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Interview with James Davey, conductor of Chantage

We spoke to James Davey, conductor of Chantage (BBC Radio 3 Choir of the Year 2006) and Ken Burton leader of the internationally renowned London Adventist Chorale (Sainsbury's Choir of the Year 1994) about what it meant for their choirs to win the UK's most prestigious choral competition.

Chantage has been running since 1999 and has forged a growing reputation as an outstanding young and energetic young chamber choir performing traditional English choral works alongside lesser known pieces from foreign choral cultures, vocal percussion and other unusual contemporary styles. Founder and conductor James Davey spoke to Choir of the Year's Clair Bradder about Chantage's experience of Choir of the Year and their willingness to take on any vocal challenge!

How did it feel performing in front of millions of nationwide viewers in Choir of the Year?
It's not until you see yourself on television that you're really appreciate of the scale of the audience - when you're on stage you're only really aware of the live audience in the auditorium and knowing it's not live does take the pressure off. I did catch sight of myself on the big screen once or twice whilst conducting and that was quite distracting!

What did it feel like when you won the competition?
It was awesome. The buzz was incredible and took several weeks to subside. When you first hear the news you feel as if you could do anything….until you open your mouth to speak and nothing comes out!

What did the choir learn through taking part?

We won Choir of the Year on our third attempt and it was over the first two competitions we learned the most about what we needed to do to improve. The main thing I learned was that it's crucial to communicate your interpretation of a piece. You have to make a decision about whether you're there to deliver that interpretation or to win a competition and the experience taught me that the only thing you should focus on is communicating the music.

Has winning Choir of the Year brought any new opportunities along your way?

Winning Choir of the Year is big stamp of approval! It has undoubtedly opened doors for us and we're often called on to work with the BBC. Being located in London of course helps and also that we're very flexible in what we can do stylistically. It was also a great honour to be asked to perform at the ABCD conference in the presence of such distinguished conductors and composers as David Willcocks, Bob Chilcott and John Rutter.

Do you all get on well?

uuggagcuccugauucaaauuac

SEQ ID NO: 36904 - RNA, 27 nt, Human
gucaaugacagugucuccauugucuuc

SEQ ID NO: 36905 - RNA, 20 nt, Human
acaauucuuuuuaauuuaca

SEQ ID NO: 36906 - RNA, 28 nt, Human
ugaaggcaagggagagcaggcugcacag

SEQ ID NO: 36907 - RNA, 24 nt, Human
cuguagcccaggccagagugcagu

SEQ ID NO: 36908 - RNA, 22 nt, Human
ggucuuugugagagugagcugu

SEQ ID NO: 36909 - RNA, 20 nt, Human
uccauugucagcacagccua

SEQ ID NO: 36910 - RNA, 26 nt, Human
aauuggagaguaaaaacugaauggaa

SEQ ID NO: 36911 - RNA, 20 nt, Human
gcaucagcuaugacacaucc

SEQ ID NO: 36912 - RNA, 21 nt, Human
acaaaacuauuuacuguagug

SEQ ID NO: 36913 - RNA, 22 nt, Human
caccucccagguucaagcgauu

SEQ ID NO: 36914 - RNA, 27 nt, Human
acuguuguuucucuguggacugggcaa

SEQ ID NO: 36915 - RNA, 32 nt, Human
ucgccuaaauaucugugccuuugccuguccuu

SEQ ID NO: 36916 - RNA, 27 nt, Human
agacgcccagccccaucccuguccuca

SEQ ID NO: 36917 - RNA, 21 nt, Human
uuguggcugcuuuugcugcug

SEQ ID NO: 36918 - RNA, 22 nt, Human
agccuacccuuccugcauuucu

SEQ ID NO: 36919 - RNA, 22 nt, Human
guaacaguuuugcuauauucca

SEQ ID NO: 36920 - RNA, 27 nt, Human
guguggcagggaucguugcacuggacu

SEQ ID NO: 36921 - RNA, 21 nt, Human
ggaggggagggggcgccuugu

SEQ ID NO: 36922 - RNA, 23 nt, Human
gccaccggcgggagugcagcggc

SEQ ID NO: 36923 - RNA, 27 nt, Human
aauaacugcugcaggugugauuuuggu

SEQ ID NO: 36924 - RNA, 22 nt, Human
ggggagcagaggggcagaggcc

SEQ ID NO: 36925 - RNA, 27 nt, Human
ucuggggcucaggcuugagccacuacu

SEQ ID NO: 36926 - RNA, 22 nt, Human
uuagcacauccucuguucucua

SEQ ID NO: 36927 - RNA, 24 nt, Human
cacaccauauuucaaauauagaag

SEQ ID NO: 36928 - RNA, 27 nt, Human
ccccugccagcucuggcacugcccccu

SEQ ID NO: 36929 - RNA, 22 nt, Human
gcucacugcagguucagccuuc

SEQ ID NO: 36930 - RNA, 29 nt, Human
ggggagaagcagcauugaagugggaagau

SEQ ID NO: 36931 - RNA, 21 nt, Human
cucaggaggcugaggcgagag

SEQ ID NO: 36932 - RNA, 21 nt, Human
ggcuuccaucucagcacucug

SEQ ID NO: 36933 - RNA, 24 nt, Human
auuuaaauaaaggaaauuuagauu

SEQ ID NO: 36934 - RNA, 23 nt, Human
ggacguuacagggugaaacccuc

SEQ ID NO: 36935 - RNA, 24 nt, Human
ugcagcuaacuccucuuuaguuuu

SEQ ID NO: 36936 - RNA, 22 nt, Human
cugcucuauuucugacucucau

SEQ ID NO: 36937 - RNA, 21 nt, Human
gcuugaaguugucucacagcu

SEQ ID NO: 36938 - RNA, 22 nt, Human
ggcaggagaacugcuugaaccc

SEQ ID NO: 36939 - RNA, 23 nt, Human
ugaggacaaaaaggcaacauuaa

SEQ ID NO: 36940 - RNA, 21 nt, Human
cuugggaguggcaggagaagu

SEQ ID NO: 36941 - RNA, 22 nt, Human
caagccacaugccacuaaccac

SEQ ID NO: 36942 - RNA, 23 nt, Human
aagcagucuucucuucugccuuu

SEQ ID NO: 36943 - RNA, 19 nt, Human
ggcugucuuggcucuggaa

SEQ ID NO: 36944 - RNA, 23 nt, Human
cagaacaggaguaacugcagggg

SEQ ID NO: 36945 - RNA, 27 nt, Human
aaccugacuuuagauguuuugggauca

Yes, there's a great family feel to the choir and we deliberately have a fixed membership, rather than a pool of singers, to encourage everyone to bond and work as a team. Having said that the family feel means sibling rivalry occasionally flares up but it's good that singers can voice their issues and get them out of the system!

Tell us about your prize - the BBC Radio 3 commission.

We commissioned three short pieces from different composers in the end: Gabriel Jackson, Richard Allain and John Tavener which we've just recorded at the BBC's Maida Vale studios.

In 2008 the choir backed Mercury Award-winning band Elbow at Abbey Road Studios with the BBC Concert Orchestra, what was that experience like?

I have to admit that when we were invited to take part I hadn't heard of Elbow but when I put the offer to the choir and the started jumping up and down in excitement I knew it must be a good opportunity and indeed it was. To do something like that was a real treat - and sort of an extra 'prize' for our hard work. I'm a big fan of Elbow now and even have the album we're not singing on!

Does the choir have a preference for a specific musical genre?

Individual singers in the choirs have their own preferences but there's no one overriding genre of choice. We all respect each other's tastes and singers appreciate they won't necessarily love every piece that we sing and are pleased to try new things -it works really well.

Also I see that you have experimented with vocal percussion. Was that fun?

Yes! The beat-box project spun out of doing an arrangement of Britney Spears' 'Hit me baby one more time' which was great fun but we didn't know much about vocal percussion at that point. We then worked towards a concert at the Purcell Room with Tobias Hug from the Swingle Singers and MC Zani where the singers were taught to make an accurate percussive sound without a mic. We want to explore the entire spectrum of the sound beyond the English choral tradition -including those that have never been made before!

The choir supports a charity each year such as the Stroke Association and the NSPCC for example. Who are you supporting at the moment?

This year we are supporting Prisoner's Abroad, the MS Society and the Anthony Nolan Trust - three charities that are close to the hearts of members of Chantage. We aim to donate from the proceeds of all our concerts and CD sales whenever possible.

Finally, do you have any advice for choirs competing in Choir of the Year?
Always sing your best in rehearsals, not just the performance.
Listen to your neighbour and make sure you're singing as a team
Communicate every last ounce of your emotion in every song
Only concern yourself with the performance - the greatest mistake is to go on stage with an overriding desire to win

Enjoy yourself - if you're having fun so will the audiences and, of course, the Judges. Good luck!

James Davey

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